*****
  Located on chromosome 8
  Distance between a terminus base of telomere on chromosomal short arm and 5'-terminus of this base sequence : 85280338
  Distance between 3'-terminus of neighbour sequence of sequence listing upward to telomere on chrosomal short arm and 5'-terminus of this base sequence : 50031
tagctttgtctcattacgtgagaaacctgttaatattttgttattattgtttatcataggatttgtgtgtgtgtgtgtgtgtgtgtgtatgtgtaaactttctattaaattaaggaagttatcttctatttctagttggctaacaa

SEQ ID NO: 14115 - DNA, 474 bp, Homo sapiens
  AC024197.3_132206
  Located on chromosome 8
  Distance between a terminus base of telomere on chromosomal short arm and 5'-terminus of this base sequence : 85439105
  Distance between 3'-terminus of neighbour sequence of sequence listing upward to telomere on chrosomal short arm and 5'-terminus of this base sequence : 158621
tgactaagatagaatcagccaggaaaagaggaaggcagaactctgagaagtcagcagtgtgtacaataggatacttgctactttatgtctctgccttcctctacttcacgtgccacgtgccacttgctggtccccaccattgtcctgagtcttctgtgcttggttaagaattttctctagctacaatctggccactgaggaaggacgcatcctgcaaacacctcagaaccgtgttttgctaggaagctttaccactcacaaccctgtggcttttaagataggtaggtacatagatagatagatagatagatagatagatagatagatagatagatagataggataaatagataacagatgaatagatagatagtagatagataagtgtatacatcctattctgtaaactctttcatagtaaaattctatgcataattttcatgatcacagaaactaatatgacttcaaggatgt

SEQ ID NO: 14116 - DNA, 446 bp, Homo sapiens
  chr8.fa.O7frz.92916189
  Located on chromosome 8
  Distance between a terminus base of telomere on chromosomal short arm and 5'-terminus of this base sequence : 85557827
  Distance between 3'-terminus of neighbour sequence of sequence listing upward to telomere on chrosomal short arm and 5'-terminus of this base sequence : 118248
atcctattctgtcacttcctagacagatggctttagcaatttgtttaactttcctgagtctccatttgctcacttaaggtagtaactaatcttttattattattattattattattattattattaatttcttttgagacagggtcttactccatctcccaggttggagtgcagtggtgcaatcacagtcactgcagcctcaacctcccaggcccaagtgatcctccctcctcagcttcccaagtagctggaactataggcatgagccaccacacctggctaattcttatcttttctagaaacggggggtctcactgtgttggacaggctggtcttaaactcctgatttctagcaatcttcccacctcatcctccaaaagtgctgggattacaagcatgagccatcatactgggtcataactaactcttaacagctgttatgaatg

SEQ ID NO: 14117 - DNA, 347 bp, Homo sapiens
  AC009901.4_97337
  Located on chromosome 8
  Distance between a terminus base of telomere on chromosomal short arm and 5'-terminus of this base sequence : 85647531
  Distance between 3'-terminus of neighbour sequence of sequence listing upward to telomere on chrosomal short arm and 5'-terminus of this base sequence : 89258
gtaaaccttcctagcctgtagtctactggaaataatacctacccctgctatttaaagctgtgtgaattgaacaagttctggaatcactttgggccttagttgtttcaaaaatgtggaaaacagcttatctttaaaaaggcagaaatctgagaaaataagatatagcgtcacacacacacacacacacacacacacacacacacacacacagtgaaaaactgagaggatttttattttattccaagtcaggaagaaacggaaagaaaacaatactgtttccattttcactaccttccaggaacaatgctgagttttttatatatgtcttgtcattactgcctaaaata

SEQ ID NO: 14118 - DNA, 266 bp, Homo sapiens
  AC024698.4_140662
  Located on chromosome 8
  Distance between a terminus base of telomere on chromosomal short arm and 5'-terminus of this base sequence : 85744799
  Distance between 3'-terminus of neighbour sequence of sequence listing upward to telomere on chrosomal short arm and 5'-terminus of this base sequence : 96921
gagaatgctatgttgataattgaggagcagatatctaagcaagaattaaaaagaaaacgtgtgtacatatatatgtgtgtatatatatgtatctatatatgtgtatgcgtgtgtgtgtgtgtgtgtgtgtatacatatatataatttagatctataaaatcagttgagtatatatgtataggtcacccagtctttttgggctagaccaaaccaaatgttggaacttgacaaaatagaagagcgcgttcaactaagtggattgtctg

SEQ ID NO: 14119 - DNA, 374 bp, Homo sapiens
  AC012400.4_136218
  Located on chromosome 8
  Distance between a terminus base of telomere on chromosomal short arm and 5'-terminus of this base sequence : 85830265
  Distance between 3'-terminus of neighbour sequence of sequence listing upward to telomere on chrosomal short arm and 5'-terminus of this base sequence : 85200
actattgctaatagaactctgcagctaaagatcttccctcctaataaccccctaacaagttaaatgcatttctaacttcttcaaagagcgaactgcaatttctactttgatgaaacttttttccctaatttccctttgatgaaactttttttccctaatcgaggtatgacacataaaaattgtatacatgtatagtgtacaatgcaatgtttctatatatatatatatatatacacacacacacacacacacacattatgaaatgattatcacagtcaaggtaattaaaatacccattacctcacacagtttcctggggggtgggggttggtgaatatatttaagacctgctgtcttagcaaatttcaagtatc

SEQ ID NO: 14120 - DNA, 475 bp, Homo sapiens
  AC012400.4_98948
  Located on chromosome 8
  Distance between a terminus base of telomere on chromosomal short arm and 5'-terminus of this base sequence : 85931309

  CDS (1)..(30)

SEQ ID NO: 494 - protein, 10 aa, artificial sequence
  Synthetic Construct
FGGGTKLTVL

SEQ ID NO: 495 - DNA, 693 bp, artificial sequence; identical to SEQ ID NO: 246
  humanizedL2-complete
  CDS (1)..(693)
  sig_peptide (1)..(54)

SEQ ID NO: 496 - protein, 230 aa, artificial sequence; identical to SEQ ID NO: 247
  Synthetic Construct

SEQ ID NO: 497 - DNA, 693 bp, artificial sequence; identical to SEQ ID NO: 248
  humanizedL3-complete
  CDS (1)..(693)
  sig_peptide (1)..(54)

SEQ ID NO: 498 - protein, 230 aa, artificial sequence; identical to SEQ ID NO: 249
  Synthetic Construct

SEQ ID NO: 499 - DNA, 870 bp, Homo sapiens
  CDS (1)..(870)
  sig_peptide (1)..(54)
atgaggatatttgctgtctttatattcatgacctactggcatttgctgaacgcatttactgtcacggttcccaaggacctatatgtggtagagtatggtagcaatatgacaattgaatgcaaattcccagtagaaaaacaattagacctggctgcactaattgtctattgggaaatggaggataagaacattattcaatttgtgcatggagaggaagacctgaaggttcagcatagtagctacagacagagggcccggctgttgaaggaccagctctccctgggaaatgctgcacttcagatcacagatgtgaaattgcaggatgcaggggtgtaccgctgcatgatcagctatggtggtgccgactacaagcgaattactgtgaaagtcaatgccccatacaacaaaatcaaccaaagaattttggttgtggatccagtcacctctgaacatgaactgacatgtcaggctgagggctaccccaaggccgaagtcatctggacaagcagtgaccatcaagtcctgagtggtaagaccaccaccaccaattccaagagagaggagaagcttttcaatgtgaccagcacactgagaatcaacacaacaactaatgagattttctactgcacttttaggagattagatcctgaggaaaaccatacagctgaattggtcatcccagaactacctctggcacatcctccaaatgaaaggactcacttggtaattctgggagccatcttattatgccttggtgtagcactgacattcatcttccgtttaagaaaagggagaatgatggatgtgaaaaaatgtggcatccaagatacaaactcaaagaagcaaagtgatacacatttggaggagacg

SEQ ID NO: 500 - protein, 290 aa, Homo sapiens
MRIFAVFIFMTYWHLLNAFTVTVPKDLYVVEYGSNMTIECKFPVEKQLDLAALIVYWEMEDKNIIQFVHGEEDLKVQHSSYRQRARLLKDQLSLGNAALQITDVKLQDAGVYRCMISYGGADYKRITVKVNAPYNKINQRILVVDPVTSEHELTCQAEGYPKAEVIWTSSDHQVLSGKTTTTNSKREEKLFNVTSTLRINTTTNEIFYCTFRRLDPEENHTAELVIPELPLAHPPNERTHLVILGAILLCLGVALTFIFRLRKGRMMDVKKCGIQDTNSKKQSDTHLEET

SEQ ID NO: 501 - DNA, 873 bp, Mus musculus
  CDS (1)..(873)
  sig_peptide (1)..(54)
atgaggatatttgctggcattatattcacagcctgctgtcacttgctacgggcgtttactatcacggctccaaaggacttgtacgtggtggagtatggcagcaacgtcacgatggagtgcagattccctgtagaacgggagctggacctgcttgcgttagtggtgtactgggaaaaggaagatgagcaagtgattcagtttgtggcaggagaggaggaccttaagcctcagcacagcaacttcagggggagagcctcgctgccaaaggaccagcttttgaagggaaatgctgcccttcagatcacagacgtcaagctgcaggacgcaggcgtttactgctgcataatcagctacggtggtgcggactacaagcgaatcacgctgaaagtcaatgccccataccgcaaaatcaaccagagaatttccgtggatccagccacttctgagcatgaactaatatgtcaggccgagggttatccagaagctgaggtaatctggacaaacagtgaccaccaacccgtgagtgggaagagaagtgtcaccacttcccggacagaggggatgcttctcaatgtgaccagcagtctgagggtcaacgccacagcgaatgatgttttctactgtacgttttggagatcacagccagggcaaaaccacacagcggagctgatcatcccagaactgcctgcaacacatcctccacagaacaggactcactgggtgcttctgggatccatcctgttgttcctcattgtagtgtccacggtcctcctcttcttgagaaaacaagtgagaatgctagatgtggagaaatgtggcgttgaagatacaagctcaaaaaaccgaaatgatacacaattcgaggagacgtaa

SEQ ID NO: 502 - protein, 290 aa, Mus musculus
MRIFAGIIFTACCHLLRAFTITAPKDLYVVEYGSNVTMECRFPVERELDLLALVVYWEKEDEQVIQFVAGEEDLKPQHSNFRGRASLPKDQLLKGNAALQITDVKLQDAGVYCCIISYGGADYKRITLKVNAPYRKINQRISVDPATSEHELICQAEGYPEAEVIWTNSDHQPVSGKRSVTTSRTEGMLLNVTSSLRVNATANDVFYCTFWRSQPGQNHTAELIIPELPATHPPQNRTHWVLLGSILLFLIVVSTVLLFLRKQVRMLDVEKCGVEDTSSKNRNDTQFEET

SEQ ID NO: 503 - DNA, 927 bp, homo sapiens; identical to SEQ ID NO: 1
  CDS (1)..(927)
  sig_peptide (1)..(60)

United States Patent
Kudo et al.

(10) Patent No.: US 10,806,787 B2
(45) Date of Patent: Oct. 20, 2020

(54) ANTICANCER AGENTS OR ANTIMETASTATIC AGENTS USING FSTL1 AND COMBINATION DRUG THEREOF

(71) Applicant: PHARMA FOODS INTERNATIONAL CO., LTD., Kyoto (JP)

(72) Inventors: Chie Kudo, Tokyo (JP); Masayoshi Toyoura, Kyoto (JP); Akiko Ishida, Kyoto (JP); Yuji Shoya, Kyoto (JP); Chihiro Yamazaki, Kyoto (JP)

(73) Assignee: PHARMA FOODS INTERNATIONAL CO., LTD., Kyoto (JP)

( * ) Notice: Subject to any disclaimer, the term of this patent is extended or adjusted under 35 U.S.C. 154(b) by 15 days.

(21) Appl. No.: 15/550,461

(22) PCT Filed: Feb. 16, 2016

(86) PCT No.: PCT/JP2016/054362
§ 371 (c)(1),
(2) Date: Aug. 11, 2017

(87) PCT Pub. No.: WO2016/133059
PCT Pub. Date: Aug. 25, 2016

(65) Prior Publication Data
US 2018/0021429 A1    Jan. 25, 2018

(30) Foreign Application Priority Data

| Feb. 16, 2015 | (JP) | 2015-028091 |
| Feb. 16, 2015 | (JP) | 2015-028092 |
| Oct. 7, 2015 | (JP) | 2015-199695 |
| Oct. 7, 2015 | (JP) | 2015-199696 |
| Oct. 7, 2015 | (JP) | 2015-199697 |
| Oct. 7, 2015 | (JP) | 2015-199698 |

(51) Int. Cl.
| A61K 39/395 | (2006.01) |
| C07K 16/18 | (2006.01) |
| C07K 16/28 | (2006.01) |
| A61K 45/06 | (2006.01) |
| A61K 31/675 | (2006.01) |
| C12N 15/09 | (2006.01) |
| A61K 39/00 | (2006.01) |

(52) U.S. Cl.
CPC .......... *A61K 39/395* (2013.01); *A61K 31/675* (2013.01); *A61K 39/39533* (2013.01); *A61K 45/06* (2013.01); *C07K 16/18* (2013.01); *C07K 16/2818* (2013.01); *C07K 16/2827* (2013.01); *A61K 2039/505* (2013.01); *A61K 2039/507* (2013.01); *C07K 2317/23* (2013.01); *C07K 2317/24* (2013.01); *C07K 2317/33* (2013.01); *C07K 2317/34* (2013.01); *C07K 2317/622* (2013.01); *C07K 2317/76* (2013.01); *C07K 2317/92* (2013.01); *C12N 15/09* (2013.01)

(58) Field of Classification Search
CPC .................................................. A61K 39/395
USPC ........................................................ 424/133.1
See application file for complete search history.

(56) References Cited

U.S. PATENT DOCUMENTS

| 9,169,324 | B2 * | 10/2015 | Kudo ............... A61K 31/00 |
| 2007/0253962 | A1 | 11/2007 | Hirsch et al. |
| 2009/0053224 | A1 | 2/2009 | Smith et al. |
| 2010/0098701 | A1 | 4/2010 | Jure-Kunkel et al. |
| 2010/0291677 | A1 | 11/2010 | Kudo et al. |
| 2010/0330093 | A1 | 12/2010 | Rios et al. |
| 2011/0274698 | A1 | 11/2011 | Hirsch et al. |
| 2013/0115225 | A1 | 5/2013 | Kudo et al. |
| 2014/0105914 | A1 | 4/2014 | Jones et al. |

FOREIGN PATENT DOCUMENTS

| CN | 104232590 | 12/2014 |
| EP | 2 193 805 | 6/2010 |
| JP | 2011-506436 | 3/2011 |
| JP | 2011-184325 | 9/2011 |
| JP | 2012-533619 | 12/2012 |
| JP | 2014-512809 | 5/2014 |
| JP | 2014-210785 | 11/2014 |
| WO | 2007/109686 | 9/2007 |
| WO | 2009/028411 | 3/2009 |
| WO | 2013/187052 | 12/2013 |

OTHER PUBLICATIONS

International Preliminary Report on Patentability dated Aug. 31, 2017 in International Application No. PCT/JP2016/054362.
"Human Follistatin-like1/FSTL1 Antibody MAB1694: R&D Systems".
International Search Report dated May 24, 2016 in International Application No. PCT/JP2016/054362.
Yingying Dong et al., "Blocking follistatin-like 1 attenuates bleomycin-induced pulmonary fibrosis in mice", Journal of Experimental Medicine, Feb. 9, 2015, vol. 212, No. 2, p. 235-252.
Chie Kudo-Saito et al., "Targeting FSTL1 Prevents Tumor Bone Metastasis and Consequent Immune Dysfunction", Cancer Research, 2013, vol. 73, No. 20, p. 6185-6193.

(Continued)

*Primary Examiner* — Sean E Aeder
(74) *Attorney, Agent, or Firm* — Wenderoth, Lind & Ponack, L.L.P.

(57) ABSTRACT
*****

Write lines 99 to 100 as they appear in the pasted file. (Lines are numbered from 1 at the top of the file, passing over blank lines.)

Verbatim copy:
| A61K 45/06 | (2006.01) |
| A61K 31/675 | (2006.01) |